Time to incident HCC, ascertained from validated registers. Statin use was defined from filled prescriptions as 30 or more cumulative defined daily doses (cDDDs).
Compared with matched nonusers, 10-year HCC risk was significantly lower among lipophilic statin users (8.1% vs. 3.3%; absolute risk difference [RD], −4.8 percentage points [95% CI, −6.2 to −3.3 percentage points]; adjusted subdistribution hazard ratio [aHR], 0.56 [CI, 0.41 to 0.79]) but not hydrophilic statin users (8.0% vs. 6.8%; RD, −1.2 percentage points [CI, −2.6 to 0.4 percentage points]; aHR, 0.95 [CI, 0.86 to 1.08]). The inverse association between lipophilic statins and HCC risk seemed to be dose-dependent. Compared with nonusers, 10-year HCC risk was lowest with 600 or more lipophilic statin cDDDs (8.4% vs. 2.5%; RD, −5.9 percentage points [CI, −7.6 to −4.2 percentage points]; aHR, 0.41 [CI, 0.32 to 0.61]), and 10-year mortality was significantly lower among both lipophilic (15.2% vs. 7.3%; RD, −7.9 percentage points [CI, −9.6 to −6.2 percentage points]) and hydrophilic (16.0% vs. 11.5%; RD, −4.5 percentage points [CI, −6.0 to −3.0 percentage points]) statin users.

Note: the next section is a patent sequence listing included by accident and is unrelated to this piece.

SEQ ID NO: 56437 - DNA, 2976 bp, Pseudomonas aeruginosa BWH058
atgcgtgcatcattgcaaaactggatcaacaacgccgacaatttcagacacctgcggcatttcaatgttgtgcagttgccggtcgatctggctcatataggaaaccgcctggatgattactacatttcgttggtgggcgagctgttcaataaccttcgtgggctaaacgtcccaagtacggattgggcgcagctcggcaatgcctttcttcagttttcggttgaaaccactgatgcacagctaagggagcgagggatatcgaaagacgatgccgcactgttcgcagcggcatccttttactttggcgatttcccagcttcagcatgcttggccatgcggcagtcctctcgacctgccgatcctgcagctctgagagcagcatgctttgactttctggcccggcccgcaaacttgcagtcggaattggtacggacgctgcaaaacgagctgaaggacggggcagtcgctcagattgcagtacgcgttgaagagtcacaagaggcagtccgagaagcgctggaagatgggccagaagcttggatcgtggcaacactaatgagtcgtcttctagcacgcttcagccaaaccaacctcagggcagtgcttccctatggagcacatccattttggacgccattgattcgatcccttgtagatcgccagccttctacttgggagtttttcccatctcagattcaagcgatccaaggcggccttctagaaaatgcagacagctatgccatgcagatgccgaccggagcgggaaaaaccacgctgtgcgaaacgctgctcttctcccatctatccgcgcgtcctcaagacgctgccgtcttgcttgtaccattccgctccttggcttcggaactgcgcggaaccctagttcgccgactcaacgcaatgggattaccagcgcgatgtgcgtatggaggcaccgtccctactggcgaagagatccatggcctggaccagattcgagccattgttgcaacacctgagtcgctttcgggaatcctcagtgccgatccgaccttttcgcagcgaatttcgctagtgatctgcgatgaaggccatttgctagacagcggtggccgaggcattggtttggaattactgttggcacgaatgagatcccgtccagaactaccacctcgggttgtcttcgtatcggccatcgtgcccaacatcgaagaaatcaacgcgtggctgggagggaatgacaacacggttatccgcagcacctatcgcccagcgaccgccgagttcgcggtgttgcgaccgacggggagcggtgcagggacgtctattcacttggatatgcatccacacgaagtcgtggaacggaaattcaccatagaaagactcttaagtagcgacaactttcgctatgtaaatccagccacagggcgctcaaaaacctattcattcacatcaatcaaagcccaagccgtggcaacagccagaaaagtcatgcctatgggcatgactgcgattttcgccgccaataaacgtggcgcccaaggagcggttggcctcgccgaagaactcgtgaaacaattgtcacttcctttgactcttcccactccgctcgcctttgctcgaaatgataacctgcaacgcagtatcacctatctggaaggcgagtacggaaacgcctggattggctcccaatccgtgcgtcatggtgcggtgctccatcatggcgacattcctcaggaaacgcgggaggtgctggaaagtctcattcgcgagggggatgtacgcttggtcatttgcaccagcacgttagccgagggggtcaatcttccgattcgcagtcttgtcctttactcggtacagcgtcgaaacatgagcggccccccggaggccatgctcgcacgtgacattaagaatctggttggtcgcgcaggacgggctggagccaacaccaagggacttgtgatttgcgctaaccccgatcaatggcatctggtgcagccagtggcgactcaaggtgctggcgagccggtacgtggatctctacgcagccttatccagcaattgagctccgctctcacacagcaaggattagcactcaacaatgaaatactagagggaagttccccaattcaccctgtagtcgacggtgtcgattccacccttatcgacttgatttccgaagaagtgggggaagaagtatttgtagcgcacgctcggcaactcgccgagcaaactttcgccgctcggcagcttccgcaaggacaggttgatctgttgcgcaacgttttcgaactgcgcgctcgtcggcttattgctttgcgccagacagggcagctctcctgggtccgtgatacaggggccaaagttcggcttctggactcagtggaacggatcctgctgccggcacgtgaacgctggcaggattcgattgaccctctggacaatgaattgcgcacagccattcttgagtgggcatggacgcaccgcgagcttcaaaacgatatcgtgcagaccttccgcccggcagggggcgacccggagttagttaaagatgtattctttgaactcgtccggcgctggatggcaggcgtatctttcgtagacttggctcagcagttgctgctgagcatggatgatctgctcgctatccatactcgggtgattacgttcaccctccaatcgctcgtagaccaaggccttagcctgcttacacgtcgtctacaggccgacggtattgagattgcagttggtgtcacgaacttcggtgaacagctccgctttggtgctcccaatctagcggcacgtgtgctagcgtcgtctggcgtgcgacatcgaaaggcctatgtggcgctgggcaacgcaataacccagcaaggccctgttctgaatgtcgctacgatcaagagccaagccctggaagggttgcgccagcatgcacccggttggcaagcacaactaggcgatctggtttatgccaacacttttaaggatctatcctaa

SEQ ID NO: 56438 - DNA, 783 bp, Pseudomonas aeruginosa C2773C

Lack of lipid, fibrosis, or HCC surveillance data.
In a nationwide viral hepatitis cohort, lipophilic statins were associated with significantly reduced HCC incidence and mortality. An association between hydrophilic statins and reduced risk for HCC was not found. Further research is needed to determine whether lipophilic statin therapy is feasible for prevention of HCC.
Simon TG, Duberg A, Aleman S, et al. Lipophilic Statins and Risk for Hepatocellular Carcinoma and Death in Patients With Chronic Viral Hepatitis: Results From a Nationwide Swedish Population. Ann Intern Med. 2019;171:318–327. [Epub ahead of print 20 August 2019]. doi: https://doi.org/10.7326/M18-2753
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Published: Ann Intern Med. 2019;171(5):318-327.
Published at www.annals.org on 20 August 2019
Cardiology, Coronary Risk Factors, Dyslipidemia.